A tree can grow, for example, much larger and for much longer than a human. We know that it too is biologically alive, and it represents (usually) a larger physical, living entity than us. However, we do not say that the tree has much inherent value in it, other than to present us with paper, or firewood, or oxygen. And we most certainly do not consider the killing of a tree to be generally immoral.

As a second example, we generally consider animals more "alive" than a tree, although this is not true in any biological or genetic sense. We recognize that they possess some functional capacity for perception, cognition, and action. Anatomically and physiologically speaking, many mammals are remarkably similar to humans. However, we still judge them to have less capacity for these traits than us, and therefore most of us don't consider them as alive as us, and most of us don't consider killing (or eating) them to be an immoral action.

Why these biases? On what basis do we make these judgements? I will make an effort to offer an explanation in defense of my own case, but for now a hint may be found in the fact that the name of the species Homo Sapiens roughly means "Knowing Man," or somewhat more archaically, "Wise, Earthly Being."

Furthermore, perhaps my opponent has not made the fallacy of the beard argument, but it is entirely possible that the authorities he appeals to, when claiming the pro-life position is the most consistent one, have. At the very least, they are being logically inconsistent. This is because they claim to be pro-life, in that they believe that life should be protected from the moment of conception onward. However, they only make this case for human life. Again, on what basis could they make this value-distinction about different types of life on anything other than their own prejudice towards similar beings to themselves, or their own favoritism towards their own human abilities (i.e. higher consciousness?)

The authorities don't appear to have a consensus about what makes human life special, or even where it begins in general, my opponent is correct in saying, however my own position has and will consistently claim that consciousness is what makes human life special and that we have sufficient evidence to determine when it develops, and therefore the dissent within the authoritative pro-choice community is irrelevant to it (my own case.)

I shall deal with my opponent's 3rd premise and conclusion in defense of my own case.

Con Case:


Premise 1:

Perhaps I did beg the question at first. Allow me to answer for my assumption with an explanation. I have already alluded to it in asking on what basis do we determine human life to be more valuable than any other form of life. Trees and mammals are just as alive as us in both the genetic and biological senses. So why are we special? The only possible explanation is that we consider ourselves special for a mere two reasons. The first is we ourselves are human, so we are naturally prejudiced to favor ourselves. This is obvious, but it is far from a rational reason to accept ourselves as special.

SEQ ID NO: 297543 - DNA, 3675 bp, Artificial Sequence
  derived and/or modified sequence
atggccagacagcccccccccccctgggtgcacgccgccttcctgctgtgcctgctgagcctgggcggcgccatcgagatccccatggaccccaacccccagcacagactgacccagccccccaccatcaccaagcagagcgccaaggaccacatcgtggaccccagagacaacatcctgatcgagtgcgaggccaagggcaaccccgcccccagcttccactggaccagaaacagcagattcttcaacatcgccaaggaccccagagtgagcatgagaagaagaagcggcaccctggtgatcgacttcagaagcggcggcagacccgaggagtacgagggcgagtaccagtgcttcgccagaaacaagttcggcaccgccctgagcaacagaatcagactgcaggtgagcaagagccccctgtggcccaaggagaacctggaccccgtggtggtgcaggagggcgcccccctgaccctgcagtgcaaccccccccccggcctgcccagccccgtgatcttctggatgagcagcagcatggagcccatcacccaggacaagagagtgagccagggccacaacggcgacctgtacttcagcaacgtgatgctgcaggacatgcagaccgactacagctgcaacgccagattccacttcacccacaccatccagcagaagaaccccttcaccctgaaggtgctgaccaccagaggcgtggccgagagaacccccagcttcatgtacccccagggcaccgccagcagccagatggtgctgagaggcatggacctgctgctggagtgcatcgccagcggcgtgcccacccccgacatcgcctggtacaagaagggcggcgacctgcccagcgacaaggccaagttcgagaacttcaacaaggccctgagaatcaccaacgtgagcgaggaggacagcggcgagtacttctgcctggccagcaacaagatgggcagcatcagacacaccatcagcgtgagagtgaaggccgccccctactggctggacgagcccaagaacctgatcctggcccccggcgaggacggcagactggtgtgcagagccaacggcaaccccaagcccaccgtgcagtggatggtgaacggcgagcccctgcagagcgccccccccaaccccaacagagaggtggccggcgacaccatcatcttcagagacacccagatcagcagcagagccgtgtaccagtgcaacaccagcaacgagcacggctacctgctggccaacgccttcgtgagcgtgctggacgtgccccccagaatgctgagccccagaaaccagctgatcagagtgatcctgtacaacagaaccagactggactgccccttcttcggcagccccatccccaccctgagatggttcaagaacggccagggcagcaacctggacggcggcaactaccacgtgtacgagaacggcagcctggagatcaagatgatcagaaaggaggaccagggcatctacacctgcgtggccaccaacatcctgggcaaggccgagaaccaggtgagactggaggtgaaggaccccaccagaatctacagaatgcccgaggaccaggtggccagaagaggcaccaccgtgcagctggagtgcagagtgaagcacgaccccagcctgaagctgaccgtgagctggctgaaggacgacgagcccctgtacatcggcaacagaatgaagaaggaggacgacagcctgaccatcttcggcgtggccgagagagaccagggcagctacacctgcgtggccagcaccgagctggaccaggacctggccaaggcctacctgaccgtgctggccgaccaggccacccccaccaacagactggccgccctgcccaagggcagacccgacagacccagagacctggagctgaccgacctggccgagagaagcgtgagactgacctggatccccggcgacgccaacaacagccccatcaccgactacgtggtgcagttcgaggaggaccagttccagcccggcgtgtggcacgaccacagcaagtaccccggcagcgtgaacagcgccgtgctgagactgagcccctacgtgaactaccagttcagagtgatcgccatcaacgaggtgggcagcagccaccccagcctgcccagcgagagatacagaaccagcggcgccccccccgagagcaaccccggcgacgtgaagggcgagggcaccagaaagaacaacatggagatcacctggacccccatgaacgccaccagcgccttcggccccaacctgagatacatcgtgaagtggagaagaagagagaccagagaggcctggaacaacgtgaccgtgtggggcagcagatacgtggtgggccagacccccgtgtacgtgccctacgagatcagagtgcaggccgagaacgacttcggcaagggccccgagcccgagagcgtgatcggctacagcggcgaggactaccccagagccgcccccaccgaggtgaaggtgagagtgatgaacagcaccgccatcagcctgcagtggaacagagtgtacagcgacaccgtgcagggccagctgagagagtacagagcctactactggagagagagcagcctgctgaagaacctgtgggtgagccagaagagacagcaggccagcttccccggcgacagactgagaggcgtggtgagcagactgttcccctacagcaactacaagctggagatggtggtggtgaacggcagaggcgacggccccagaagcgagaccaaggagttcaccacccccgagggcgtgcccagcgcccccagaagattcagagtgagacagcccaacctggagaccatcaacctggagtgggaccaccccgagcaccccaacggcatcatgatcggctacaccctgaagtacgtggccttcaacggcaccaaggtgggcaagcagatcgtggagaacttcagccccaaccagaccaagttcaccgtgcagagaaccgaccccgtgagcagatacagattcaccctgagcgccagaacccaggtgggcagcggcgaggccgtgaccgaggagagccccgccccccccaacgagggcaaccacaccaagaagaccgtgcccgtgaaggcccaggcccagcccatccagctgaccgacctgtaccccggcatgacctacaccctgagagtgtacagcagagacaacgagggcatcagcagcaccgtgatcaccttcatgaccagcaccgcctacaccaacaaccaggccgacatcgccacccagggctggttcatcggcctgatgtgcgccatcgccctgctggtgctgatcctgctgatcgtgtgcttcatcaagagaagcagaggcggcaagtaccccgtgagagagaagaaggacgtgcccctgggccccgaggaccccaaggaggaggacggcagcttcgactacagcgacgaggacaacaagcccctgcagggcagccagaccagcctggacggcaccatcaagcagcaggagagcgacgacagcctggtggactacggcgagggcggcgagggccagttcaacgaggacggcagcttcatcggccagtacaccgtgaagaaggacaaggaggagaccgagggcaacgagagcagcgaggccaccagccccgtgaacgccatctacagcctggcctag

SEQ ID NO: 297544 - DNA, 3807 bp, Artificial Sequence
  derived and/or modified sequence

The less obvious answer is that we consider ourselves superior to all other forms of life because of our abilities of so-called higher consciousness, especially our capacity for language and symbolic reasoning. Despite what many cultures throughout history believed, this capacity is entirely seated in the neurological structures of the human brain. We have the disproportionately largest cerebral cortex, especially the prefrontal lobes and visual cortex. This accounts for our higher capacity for planning, reasoning, and imagination. The most counterintuitive aspect of the brain is that it is also the seat of human emotions, not the heart. These traits are where we derive our own value from. [1]

We could not possibly account for own preferential treatment of ourselves and other human beings at the expense of other life in any other way than these two, without sinking to the level of appeals to faith, religious dogma, or abstract normative reasoning.

One can be deprived without knowing it, this is true. However, this could not possibly harm you until you knew it. The child in Pro's example, for instance, would not be any worse off after this hypothetical event than he was before it. The same goes for an unborn zygote/embryo. If you were never born, you would never know that you were to have been born. You would have never known of the inheritance you had missed out on, and therefore you would not experience any negative effects whatsoever, or any effects at all for that matter.